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Does the word 'none' take a singular or plural verb? Does it depend on what follows (object of preposition)? Does the object of the preposition, instead of the true subject 'none,' determine the verb here?

None of them are going.
None of the students were going.

None of the pies were eaten.
None of the pie was eaten.

Thanks.
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Comments  (Page 2) 
None is a shortened form of Not one, so should strictly take a singular verb: Not one of them is going. Not one of the students is going. Not one of the pies was eaten. In actual usage, however, the plural form is far more common, which in my view makes it perfectly acceptable in all but the most formal situations.
 BarbaraPA's reply was promoted to an answer.
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I prefer to give a simple rule called M+H+Q rule

H stands for Modifier
H stands for head word
Q stands for qualifier.

The basic rule is, if a group of words acts as a noun, only the HEAD WORD will influence the verb.
So, in the given example there is no modifier. There is a headword ( None) and a qualifier ( of them).
It should read -------- None of them is / was/has etc.
Just consider that there is no 'of them'. What will you use? None ----------- is/ was/ has etc, won't you?

It will be rather ungrammatical to say None-------------- are/ were/have.
People may have different view, but in strict grammatical term, the rule is non-negotiable.
Please feel free to comment

Prof. Mohamed Ali.

I am not a native speaker nor am I a European / American but an Indian and educator of ESL in South East Asia.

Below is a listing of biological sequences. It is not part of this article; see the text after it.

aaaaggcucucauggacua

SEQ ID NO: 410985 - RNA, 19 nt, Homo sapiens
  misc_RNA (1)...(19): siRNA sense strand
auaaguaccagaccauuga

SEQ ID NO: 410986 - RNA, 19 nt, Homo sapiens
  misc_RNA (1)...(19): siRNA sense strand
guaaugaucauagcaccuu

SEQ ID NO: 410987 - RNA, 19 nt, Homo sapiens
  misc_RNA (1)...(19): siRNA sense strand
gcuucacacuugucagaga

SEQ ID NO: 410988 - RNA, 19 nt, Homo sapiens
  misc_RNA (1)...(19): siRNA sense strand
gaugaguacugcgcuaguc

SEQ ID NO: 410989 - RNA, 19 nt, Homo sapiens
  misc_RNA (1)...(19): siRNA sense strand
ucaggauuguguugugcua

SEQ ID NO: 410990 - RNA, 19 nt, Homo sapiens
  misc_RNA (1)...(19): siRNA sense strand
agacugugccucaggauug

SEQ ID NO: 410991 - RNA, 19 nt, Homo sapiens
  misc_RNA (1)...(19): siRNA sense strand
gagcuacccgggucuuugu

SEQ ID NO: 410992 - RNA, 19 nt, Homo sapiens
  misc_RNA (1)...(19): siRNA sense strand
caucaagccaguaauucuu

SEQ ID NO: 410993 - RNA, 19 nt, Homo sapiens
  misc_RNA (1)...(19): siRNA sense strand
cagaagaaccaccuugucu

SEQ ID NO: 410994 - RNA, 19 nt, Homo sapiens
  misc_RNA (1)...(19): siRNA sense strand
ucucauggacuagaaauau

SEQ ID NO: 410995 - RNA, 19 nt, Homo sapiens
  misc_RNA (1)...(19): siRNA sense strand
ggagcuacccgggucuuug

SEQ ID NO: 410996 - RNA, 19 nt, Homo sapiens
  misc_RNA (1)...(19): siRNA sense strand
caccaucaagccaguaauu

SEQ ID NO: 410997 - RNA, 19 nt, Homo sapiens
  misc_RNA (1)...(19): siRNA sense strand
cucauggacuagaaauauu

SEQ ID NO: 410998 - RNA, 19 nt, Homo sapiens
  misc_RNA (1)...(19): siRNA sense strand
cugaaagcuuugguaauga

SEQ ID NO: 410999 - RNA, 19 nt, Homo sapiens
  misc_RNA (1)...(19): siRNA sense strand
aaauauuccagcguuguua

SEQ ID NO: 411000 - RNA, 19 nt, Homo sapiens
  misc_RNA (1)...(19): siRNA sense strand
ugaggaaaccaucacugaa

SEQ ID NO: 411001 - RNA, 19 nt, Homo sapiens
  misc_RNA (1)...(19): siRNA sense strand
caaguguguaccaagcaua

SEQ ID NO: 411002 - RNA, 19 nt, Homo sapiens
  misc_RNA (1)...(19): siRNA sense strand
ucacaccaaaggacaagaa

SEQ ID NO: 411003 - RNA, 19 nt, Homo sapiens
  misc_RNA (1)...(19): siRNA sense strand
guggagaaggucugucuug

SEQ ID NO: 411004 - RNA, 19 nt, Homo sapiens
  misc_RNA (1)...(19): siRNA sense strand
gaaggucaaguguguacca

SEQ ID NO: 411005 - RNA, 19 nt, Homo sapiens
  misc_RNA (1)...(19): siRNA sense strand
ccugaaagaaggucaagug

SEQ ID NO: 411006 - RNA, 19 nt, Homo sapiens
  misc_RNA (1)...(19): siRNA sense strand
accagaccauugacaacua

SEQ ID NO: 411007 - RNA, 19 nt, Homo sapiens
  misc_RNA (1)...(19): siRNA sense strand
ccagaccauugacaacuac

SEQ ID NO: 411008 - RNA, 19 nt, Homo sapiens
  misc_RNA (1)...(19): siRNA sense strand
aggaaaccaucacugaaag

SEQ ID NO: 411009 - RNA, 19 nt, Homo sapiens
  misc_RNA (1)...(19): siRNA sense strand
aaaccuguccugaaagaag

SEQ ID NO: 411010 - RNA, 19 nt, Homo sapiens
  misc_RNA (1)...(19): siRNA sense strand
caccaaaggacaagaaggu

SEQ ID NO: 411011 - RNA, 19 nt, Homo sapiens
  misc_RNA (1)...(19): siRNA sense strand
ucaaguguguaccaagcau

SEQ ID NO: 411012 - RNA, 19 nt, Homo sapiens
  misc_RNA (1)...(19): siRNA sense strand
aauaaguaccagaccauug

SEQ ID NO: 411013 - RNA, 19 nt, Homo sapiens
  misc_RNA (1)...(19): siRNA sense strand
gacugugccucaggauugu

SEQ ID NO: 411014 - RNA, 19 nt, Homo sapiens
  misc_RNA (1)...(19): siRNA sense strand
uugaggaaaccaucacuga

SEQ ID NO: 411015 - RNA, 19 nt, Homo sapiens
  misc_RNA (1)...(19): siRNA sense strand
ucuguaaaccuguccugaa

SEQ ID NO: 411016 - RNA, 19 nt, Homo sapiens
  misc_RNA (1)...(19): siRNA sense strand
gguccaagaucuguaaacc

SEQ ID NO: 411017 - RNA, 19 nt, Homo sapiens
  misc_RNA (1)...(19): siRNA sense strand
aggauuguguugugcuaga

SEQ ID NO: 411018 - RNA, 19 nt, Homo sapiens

Please note the modern view, Professor Ali:

Usage Note:
It is widely asserted that none is equivalent to no one, and hence requires a singular verb and singular pronoun: None of the prisoners was given his soup. It is true that none is etymologically derived from the Old English wordn, "one," but the word has been used as both a singular and a plural noun from Old English onward. The plural usage appears in the King James Bible as well as the works of John Dryden and Edmund Burke and is widespread in the works of respectable writers today. Of course, the singular usage is perfectly acceptable. The choice between a singular or plural verb depends on the desired effect. Both options are acceptable in this sentence: None of the conspirators has (or have) been brought to trial. When none is modified by almost, however, it is difficult to avoid treating the word as a plural: Almost none of the officials were (not was) interviewed by the committee. None can only be plural in its use in sentences such as None but his most loyal supporters believe (not believes) his story.
We were always taught in school that "none" takes a singular verb (None of them is/has...). Later, we found that as a question even in various editorial tests of publishing houses, where a candidate is supposed to change the plural verb to singular.

However, in the wake of various different opinions (a convincing one saying "none" is NOT NECESSARILY "not one"), we had to drop that question from our test. One opinion is that the choice of verb depends upon whether the noun is countable or uncountable. So, for students (countable) in the class that went missing, one would say "none of them were in the class!" but for milk (uncountable) it would be "None of the milk has gone bad."

I follow that rule now and have unlearned the "none should always take a singular verb" rule. It sounds easy and correct. If I said "None of us here is sure of the rule" everybody except that oh-I'm-so-smart editor will cringe.

"None of us here are sure of the rule" gets our vote.

AG
Oracle University
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I forgot to add... "none" is most popularly used in the sense of "not any," in which case it can take a plural verb.

Not any of them were in the class. (None of them were in the class.)
Hello. How about "none of them are easy" or "none of them is easy"? And if it is past tense, was or were should we use?
Anonymous How about "none of them are easy" or "none of them is easy"? And if it is past tense, was or were should we use?
Please re-read this thread. There is no difference in usage among present, past and future.
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